The Country Cousin to Love

By Katy Major

January 9, 2018

The Country Cousin to Love

The Authenticity Experiment: Lessons from the Best and the Worst Year of My Life by Kate Carroll de Gutes

When a friend of Kate Carroll de Gutes remarked about how often the positive aspects of others’ lives are mentioned on Facebook, as opposed to the negative, de Gutes, in the essayist’s quintessential way, got to thinking. What her musings sparked is The Authenticity Experiment, de Gutes’ attempt at representing the duality (what she calls “the both/and, the dark/light”) of life as it exists outside of a two-dimensional screen. She challenged herself to write a blog post, representing dark and light both, every day for thirty days. The Authenticity Experiment, a tight 167-page essay collection, is the happy result of that blog. It’s a brave interrogation of the truth and a chronicle of an unusually ambivalent year, which includes the death of both her parents and the celebrated publication of her first essay collection, Objects in Mirror Are Closer Than They Appear. Part of de Gutes’ authenticity is that she does not merely confront the pain she experiences; she is also honest about the fact that, in the midst of it all, she experiences joy.

De Gutes’ essays in The Authenticity Experiment are refreshingly free from the flowery language and overwrought metaphor that can bog down stories (nonfiction or otherwise) that are, in truth, beautifully simple. Essays here range between one and four pages, and they pose brevity’s usual strengths and challenges. Sometimes their briefness feels too severe; one is left wondering how expanding one or another occurrence, noted in passing, would open her writing up. For instance, might further exploration of what it means to have an “ex-ex-ex-girlfriend,” lost three times over, might inform de Gutes’ developing understanding of grief and the anxiety it triggers?

At other times, the conciseness of the essays, and their necessary directness, lend themselves to the plainspoken wisdom that de Gutes doles out. As an example, she offers practical guidance to a young barista in lieu of her deceased single parent and uses an incisive anecdote to cut to the quick of our cultural fixation on the digital: “The Child Barista,” she writes, “asks me questions because I look her in the eyes, instead of looking at my phone.”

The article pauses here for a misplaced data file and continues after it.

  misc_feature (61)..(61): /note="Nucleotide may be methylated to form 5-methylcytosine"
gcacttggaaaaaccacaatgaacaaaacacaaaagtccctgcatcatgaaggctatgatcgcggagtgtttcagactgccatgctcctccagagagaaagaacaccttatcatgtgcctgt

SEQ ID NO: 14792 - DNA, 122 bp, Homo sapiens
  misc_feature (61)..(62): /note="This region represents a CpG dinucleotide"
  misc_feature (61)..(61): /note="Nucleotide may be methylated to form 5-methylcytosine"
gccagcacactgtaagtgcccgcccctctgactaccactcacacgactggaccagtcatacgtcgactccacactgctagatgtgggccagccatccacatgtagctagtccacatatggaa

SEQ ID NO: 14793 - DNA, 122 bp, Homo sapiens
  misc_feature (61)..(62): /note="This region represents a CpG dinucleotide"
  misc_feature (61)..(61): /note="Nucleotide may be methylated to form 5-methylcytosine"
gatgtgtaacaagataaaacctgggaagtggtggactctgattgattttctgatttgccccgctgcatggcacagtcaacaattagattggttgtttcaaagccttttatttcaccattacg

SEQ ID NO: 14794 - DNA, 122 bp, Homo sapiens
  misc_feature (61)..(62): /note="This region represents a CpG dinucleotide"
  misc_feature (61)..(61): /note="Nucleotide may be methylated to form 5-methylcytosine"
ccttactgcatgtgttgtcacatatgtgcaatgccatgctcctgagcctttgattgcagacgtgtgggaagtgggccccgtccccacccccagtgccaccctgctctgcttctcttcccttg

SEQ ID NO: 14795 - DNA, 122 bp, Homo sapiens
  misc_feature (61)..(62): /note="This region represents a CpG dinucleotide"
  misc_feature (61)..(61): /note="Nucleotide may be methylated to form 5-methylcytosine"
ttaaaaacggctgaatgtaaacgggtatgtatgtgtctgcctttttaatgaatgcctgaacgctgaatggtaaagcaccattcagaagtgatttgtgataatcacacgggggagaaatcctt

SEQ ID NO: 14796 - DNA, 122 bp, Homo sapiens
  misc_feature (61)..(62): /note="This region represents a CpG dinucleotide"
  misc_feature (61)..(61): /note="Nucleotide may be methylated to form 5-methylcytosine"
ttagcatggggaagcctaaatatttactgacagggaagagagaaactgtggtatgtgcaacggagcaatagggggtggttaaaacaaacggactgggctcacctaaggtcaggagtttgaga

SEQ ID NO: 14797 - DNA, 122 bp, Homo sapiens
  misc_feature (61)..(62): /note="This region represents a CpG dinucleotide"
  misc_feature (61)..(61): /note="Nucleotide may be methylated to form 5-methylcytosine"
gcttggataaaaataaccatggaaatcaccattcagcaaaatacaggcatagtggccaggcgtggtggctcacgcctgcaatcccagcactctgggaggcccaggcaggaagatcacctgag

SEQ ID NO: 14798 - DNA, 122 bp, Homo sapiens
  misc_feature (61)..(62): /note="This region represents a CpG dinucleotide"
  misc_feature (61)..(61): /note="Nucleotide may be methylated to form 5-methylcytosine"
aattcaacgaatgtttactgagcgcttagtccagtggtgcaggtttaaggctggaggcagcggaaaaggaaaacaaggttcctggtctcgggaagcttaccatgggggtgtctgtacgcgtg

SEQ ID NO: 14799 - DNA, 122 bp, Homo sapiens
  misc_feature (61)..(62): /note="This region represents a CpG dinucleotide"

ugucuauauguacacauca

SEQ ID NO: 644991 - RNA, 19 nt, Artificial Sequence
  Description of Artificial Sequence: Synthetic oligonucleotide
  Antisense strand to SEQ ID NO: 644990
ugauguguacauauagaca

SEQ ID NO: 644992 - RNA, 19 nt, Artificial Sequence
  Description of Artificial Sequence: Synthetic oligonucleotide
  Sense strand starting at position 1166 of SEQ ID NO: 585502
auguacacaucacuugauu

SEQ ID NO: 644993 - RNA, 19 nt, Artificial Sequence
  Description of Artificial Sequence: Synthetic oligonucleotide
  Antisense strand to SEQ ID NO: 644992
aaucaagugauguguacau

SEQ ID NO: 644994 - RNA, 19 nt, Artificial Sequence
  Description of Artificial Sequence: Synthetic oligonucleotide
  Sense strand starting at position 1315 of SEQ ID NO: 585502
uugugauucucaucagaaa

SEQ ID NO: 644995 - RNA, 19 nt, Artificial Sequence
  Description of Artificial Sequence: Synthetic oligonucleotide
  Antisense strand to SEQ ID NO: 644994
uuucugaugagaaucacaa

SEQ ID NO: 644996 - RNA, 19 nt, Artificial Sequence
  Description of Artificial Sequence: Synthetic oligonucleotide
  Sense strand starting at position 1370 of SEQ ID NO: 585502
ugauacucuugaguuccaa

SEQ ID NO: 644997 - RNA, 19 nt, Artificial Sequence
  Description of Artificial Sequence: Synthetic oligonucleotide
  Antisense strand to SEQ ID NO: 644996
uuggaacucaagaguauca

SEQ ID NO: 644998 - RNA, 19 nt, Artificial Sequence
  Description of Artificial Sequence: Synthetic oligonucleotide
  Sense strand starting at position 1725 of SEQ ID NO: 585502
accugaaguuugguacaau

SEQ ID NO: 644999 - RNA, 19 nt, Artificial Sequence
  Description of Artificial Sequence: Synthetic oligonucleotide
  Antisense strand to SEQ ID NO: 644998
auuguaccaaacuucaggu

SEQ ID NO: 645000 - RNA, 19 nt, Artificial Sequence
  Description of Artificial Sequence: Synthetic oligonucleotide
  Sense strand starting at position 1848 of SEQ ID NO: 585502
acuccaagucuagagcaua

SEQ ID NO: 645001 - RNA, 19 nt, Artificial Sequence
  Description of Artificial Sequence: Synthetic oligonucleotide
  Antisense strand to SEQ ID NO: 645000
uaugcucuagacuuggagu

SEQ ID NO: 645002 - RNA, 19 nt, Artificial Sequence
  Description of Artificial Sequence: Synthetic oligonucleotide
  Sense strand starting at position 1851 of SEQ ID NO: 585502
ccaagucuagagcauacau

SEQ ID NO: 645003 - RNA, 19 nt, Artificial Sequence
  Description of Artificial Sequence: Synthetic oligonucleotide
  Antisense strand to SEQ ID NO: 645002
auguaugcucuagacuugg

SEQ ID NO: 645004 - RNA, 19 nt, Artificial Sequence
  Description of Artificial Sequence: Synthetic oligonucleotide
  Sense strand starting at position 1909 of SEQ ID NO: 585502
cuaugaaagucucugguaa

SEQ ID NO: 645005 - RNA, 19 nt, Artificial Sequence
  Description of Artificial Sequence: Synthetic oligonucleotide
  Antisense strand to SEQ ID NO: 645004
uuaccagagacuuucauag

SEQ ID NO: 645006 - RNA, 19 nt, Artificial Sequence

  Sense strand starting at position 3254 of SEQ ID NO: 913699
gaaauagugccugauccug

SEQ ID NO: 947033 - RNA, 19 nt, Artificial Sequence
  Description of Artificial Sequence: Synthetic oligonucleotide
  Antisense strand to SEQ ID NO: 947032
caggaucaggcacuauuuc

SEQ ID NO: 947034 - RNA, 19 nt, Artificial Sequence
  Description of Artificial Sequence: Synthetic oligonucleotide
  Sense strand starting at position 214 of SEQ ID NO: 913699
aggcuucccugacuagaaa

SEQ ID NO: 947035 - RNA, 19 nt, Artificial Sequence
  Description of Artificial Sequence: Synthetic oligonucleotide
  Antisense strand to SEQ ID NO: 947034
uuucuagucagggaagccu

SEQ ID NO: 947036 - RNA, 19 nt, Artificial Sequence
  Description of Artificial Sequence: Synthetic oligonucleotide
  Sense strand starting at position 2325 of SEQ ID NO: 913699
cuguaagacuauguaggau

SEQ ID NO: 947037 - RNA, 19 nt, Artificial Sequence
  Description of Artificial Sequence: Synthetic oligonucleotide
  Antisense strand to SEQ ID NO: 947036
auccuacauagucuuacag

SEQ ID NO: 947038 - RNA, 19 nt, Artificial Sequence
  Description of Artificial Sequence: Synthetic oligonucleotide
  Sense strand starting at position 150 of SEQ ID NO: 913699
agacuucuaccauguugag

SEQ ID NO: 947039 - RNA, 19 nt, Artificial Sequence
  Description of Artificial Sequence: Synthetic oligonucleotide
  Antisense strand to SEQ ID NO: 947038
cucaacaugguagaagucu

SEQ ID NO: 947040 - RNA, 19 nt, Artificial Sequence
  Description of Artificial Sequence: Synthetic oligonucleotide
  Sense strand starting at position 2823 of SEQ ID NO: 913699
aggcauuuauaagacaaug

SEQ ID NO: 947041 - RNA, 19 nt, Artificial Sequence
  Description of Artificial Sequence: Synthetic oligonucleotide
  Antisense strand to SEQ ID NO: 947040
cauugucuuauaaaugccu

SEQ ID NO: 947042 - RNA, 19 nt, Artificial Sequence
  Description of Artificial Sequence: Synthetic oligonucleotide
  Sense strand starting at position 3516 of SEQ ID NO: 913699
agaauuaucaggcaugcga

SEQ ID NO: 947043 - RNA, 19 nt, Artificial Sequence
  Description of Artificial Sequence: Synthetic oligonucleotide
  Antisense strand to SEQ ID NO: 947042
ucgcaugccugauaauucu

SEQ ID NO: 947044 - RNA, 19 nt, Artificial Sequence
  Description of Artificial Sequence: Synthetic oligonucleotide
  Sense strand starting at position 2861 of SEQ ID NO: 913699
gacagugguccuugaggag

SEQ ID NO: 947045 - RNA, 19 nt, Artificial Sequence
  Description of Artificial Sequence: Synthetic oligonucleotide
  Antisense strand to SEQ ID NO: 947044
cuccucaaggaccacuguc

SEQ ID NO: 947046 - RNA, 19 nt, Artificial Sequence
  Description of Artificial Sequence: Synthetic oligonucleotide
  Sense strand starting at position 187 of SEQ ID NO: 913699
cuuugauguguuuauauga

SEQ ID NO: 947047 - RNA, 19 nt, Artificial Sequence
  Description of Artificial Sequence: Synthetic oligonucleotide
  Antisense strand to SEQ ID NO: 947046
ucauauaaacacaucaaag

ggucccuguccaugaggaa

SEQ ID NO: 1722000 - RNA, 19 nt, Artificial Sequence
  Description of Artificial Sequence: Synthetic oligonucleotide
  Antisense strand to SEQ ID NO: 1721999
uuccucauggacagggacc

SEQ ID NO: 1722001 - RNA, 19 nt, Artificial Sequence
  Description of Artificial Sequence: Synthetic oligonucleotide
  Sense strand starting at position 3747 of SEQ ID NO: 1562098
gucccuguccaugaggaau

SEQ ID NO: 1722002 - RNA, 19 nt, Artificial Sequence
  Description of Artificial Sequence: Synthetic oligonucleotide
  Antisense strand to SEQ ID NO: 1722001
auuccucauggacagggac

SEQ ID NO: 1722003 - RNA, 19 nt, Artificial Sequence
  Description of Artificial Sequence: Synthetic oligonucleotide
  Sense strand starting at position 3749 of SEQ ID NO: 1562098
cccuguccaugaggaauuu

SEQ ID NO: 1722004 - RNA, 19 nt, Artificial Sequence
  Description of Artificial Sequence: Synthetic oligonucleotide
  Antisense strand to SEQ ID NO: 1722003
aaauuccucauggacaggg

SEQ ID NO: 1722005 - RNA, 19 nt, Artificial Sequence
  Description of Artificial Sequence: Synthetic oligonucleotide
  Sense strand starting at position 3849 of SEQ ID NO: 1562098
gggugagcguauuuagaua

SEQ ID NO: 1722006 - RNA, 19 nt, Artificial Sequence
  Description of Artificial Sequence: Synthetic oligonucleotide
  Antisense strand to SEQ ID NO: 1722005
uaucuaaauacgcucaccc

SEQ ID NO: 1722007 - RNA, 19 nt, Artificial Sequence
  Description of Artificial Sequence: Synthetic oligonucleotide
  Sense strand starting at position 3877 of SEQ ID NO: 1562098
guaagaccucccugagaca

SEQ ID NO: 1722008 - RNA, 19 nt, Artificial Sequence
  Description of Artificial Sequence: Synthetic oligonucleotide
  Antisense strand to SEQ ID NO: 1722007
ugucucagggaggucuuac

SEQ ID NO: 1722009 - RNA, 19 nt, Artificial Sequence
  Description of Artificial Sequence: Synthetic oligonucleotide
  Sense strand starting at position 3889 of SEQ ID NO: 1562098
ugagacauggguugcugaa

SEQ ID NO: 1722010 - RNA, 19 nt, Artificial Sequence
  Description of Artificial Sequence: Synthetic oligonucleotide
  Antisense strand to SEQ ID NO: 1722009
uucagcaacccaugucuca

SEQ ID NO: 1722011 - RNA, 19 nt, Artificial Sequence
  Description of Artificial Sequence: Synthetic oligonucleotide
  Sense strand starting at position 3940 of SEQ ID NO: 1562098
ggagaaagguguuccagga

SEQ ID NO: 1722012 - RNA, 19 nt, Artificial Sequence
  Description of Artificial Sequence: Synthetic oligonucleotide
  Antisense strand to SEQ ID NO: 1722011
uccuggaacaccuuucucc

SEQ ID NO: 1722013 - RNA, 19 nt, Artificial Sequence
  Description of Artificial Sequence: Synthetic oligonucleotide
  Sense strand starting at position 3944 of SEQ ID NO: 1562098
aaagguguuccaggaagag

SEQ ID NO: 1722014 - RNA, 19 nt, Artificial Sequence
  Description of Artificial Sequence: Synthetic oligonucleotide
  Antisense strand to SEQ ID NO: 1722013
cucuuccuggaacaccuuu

The influence of the internet is apparent in these essays, which, after all, are inspired by a Facebook status update, conceived electronically—a novelty, as de Gutes typically writes longhand—and initially blogged. Friends referred to by first and last name, which are not infrequent, could just as easily be tags on Facebook or “mentions” on Twitter; a parenthetical rant in “Tumbling into the Ever-Present Now” reads like a status update (“This is such a peeve of mine,” it begins); de Gutes hashtags #Portlandia, using pop cultural shorthand for Portland’s self-conscious TV series, surreal liberalism, and New Age atmosphere. This is neither a weakness nor a strength, but certainly an interesting craft choice: a conscious decision not to combat the internet-speak creeping in but, to an extent, to embrace it.

The strongest pieces in The Authenticity Experiment are mesmerizing in their details. These I could praise on and on. In my head, they whiz colorfully by, even long after finishing de Gutes’ collection: physical details of a family Thanksgiving in the 1970s that sing on the page in “Dear Mom,” “… yellow boxes of Kellogg’s brand cubed stuffing into the basket, cans of Ocean Spray jellied cranberry sauce, a bottle of Kitchen Bouquet [because god forbid the gravy shouldn’t be a deep mahogany]”; the vivid joys that make up Kate’s metaphorical “All-You-Can-Eat Buffet,” “[t]his incredible dress I saw a woman wearing the other night—that tastefully showed her décolletage and a bit of her thigh each time she crossed her legs, and made me raise my eyebrows and suck in my breath just a little each time I noticed it”; and a brief but immersing portrait of Kate’s childhood in “Let Them Eat Cake,” “A stack of LPs dropping one after another, blasting out Fats Domino, Eddie Rabbit, Carly Simon, Paul Simon, Ray Charles.”